John and Leigh Middleton contribute $25 million to PROJECT HOME to create the Middleton Partnership, focusing on collaborative solutions to end chronic homelessness.
The children of John and Chara Haas donate their 39-acre family home, Stoneleigh, to the Natural Lands Trust. “We believe that Natural Lands Trust shares our family’s vision and will work to honor the legacy of our late parents by making the property a rich and unique horticultural resource for the community and region.”
Frances and James Maguire commit more than $5 million to support Gwynedd Mercy University’s College of Nursing. President Kathleen Owen notes, “This extraordinary gift will transform our already excellent nursing program and take it to new levels.”
Each of these gifts could be considered transformational gifts, defined as philanthropic investments that have a major and lasting impact on an organization’s ability to fulfill its mission. If you were asked, would you be able to define what kind of gift would be transformational for your organization? Defining that opportunity is the first step in preparing for transformative philanthropy.
For some organizations, a transformational gift could be $1 million; for others, it might be $100 million. Whatever the amount, research has shown that transformational gifts—and the institutions that receive them—share certain characteristics:
It’s about Impact
Transformational philanthropists want to understand how your organization can address challenging social problems, such as homelessness, climate change or access to quality education. As one young philanthropist said, “I don’t fund organizations, I fund issues.”
As development professionals, we at Schultz & Williams must encourage our clients to understand and articulate their unique impact on society. Mission statements should focus less on the organization and more on values and results. Donors don’t fund you because you have needs; they fund you because you meetneeds.
And donors will be looking for metrics to measure that impact. It’s important to provide a new level of stewardship that goes beyond describing how a gift was used; you must also challenge yourself to measure its impact on individuals and society.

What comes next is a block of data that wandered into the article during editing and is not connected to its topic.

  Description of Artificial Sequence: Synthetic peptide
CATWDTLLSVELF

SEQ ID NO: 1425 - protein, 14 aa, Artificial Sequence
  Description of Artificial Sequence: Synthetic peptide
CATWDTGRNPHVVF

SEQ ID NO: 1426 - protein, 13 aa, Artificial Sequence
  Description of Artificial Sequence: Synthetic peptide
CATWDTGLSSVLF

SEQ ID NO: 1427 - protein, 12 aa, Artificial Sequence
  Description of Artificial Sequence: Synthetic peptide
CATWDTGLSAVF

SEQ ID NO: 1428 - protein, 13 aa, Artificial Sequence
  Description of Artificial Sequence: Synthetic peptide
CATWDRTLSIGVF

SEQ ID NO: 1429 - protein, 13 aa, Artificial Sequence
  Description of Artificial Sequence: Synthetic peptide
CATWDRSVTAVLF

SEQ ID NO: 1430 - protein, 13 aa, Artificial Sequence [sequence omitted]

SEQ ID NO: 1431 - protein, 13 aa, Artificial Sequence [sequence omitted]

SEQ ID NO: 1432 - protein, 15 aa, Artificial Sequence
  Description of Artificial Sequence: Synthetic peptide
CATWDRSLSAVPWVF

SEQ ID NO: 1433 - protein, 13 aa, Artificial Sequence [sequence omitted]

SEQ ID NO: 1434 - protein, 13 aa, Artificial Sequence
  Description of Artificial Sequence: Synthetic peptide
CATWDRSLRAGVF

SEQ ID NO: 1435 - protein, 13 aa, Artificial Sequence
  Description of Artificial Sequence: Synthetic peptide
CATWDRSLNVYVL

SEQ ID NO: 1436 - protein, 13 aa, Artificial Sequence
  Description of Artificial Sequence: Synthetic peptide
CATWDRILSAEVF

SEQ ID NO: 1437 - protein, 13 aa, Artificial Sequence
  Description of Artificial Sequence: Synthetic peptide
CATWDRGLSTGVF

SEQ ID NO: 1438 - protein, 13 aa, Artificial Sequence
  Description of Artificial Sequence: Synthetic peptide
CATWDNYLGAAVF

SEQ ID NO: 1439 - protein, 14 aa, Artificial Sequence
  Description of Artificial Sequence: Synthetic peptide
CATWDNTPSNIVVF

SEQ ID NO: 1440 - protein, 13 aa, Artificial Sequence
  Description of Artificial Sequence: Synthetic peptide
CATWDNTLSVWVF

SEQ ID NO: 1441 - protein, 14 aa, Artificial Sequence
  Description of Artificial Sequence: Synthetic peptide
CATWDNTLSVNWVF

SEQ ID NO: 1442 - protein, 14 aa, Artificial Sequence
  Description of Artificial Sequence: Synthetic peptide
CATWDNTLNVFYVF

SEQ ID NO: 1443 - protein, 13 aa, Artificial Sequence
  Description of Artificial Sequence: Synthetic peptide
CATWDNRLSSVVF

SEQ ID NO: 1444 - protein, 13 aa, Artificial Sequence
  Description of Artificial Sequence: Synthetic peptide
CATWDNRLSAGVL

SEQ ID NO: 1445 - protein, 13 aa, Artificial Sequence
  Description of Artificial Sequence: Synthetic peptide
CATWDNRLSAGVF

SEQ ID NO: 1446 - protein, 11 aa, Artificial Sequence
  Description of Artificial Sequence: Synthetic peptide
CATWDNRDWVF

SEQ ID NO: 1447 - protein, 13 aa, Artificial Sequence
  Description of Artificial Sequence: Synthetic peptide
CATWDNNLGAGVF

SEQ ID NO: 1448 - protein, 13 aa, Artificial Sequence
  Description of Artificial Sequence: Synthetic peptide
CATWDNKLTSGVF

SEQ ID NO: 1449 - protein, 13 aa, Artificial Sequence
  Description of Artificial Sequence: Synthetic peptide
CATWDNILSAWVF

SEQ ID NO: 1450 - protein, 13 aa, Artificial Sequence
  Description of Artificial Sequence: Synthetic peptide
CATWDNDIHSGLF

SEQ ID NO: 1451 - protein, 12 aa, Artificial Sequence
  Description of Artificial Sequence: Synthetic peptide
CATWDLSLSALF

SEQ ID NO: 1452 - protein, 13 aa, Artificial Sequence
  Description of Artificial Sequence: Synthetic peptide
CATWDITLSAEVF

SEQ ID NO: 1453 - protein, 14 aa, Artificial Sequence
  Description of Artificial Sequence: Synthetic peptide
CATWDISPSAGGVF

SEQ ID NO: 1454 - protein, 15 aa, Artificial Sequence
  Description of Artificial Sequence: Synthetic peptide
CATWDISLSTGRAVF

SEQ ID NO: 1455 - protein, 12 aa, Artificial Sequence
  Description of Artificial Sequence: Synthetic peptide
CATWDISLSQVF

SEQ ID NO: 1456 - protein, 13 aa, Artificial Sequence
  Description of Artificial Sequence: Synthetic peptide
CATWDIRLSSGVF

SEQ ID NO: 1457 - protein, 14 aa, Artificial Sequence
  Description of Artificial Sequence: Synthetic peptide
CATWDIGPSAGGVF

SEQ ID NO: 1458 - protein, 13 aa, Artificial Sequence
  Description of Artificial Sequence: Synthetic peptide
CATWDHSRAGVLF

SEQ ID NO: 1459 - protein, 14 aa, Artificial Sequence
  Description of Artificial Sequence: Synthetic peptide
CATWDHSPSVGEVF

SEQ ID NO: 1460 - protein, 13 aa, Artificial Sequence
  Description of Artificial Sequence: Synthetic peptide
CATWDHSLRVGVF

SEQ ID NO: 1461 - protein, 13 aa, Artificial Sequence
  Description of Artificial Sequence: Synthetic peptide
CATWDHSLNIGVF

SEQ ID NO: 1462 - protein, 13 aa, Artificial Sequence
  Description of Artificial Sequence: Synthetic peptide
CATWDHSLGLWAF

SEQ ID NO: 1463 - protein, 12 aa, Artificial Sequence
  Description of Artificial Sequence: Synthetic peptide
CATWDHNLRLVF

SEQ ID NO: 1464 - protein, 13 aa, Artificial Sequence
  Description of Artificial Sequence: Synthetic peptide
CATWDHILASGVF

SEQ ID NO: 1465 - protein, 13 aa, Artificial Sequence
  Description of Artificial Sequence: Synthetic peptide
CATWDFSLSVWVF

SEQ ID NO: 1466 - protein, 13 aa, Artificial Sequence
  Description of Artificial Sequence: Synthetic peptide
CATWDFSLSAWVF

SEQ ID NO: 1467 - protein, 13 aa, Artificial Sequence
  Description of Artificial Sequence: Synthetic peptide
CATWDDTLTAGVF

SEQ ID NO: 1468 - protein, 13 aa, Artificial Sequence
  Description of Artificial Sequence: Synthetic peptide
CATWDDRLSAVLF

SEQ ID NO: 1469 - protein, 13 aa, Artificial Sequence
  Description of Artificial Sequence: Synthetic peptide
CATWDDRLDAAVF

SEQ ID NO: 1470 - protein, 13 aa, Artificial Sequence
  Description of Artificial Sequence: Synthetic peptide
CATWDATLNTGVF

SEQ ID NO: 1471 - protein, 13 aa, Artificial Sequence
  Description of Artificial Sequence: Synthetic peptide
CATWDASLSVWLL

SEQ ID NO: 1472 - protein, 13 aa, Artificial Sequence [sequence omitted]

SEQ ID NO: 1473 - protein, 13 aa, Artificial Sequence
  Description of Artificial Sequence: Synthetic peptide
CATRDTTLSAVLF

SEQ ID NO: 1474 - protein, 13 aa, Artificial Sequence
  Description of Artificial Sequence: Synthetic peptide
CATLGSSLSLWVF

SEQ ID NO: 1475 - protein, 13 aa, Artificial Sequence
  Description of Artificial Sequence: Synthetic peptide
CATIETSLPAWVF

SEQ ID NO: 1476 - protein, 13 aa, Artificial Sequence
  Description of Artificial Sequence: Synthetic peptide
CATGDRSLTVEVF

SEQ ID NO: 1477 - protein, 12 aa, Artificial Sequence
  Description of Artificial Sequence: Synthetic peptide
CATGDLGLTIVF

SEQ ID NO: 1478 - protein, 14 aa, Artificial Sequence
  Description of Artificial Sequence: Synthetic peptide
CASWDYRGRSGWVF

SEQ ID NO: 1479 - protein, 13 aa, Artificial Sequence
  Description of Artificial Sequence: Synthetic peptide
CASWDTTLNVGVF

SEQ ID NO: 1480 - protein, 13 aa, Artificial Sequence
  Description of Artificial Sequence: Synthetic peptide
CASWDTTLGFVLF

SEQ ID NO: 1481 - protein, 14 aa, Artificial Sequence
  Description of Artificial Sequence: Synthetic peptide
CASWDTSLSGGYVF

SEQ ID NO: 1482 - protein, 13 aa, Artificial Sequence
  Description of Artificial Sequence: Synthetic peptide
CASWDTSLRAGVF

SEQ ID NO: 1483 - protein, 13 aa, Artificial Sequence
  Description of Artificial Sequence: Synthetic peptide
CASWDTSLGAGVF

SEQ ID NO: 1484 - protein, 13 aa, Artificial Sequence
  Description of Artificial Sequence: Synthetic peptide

It’s about Leadership
The ability of CEOs and trustees to articulate a compelling vision is essential to attracting transformational gifts. This vision builds on the recognized strengths of your organization and invites donors to invest in expanding your impact. A strong strategic plan—one which can be succinctly stated by everyone within the organization—will position you for success.
Nonprofit leaders must also articulate why their organization is best suited to address a particular challenge. Donors will be looking to partner with well-managed organizations that have a track record of innovation and achievement.
It’s about Partnership
Transformative gifts result from a deep dialogue with donors and from active listening to fully understand donors’ passions, personal needs and philanthropic goals. Transformational donors are likely to have significant input into the programs that they fund, and your organization must be open to that input while also safeguarding your essential mission.
Another kind of collaboration is also increasingly important: collaboration among organizations to address issues. Increasingly, donors understand that the challenges society faces cannot be fully addressed by just one organization; instead, they require the concerted efforts of several organizations. (See this issue’s article on “Nonprofit Collaborations.”)
If you want your organization to be ready for a transformational gift, you need to: articulate a compelling vision grounded in a strategic plan, measure your results and define the next level of impact. Sharing this vision with donors may not yield a $20 million donation, but it will certainly provide a strong foundation to attract more significant gifts.